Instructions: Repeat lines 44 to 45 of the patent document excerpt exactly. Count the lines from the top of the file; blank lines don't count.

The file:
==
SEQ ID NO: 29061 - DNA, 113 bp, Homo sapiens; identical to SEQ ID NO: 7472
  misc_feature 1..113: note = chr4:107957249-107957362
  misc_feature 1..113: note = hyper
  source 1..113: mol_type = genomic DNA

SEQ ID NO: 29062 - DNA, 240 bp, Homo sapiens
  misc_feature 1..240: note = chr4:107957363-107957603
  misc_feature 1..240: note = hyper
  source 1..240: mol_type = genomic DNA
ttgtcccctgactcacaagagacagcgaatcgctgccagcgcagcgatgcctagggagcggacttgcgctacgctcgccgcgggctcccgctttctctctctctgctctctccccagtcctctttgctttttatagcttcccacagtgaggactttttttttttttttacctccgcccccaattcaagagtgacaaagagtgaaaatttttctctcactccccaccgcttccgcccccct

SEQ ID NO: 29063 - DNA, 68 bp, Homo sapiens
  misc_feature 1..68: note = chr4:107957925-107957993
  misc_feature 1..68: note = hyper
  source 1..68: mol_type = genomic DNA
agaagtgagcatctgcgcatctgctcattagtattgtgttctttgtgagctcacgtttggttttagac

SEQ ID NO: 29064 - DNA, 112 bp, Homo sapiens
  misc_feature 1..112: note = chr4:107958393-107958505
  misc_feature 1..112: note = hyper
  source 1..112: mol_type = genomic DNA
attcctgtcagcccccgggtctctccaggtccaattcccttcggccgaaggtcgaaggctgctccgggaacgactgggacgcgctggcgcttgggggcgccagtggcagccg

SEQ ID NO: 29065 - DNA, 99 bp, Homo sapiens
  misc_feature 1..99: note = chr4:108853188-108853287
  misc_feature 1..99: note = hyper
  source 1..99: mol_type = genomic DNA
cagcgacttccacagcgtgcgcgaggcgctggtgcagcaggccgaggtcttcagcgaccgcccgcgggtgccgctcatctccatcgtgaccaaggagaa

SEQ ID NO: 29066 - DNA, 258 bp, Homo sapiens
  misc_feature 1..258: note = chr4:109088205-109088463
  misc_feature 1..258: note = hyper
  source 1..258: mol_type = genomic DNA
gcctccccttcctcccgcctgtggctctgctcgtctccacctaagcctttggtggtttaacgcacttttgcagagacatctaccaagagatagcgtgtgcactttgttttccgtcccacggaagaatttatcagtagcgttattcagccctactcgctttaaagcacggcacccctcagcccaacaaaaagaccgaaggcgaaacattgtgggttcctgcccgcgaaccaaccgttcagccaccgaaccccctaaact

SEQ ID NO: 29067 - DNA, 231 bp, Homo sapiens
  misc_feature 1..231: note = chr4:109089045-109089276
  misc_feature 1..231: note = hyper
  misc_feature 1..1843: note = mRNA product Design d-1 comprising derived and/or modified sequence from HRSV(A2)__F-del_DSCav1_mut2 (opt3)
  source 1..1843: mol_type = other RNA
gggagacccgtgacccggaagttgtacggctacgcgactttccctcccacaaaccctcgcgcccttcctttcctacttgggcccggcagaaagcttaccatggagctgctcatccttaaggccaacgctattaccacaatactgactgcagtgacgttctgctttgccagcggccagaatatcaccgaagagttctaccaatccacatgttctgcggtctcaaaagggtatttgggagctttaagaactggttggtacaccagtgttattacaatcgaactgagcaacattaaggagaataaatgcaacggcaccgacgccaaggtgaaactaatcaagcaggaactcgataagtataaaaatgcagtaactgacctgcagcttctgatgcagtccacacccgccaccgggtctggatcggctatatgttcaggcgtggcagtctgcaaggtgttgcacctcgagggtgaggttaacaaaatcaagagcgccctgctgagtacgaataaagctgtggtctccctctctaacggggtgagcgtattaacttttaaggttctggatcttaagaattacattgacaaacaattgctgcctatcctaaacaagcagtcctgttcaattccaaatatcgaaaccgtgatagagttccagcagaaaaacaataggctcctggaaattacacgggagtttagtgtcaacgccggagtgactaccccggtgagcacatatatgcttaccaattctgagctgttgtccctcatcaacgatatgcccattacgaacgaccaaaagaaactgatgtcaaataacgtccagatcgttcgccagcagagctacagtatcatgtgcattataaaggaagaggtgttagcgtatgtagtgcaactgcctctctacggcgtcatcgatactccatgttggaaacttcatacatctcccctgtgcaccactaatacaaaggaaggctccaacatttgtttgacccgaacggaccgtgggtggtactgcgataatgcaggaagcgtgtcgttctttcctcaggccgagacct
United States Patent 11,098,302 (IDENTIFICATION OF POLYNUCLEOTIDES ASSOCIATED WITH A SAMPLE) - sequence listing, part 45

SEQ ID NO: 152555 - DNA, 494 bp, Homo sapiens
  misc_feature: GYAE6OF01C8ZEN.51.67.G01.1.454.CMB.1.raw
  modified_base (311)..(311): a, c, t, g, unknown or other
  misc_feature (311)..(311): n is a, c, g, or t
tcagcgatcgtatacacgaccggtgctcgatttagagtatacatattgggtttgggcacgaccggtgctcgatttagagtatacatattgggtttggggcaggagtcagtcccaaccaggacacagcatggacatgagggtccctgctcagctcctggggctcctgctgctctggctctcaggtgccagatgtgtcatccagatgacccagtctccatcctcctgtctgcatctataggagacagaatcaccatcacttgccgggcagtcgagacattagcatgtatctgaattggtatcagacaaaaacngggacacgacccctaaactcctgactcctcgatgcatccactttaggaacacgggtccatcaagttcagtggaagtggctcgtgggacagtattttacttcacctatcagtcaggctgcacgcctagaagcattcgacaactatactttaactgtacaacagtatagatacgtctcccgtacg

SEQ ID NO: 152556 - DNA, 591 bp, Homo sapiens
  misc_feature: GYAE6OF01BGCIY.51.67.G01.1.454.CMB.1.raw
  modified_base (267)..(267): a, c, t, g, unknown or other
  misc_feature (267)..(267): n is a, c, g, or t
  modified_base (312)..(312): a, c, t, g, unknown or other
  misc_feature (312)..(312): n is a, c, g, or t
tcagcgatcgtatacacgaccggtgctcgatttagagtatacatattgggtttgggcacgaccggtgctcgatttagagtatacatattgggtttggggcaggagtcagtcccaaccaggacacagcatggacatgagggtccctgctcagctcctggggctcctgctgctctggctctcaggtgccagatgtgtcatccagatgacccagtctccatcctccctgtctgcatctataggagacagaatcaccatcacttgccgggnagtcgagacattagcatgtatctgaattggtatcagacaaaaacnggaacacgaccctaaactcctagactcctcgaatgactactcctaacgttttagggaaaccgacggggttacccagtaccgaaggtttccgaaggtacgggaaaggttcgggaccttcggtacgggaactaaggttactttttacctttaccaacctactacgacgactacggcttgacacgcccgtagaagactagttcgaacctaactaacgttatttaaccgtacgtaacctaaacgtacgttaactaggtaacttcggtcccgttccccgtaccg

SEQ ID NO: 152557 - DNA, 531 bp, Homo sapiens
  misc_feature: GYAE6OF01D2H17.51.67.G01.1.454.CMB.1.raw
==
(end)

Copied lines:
  modified_base (267)..(267): a, c, t, g, unknown or other
  misc_feature (267)..(267): n is a, c, g, or t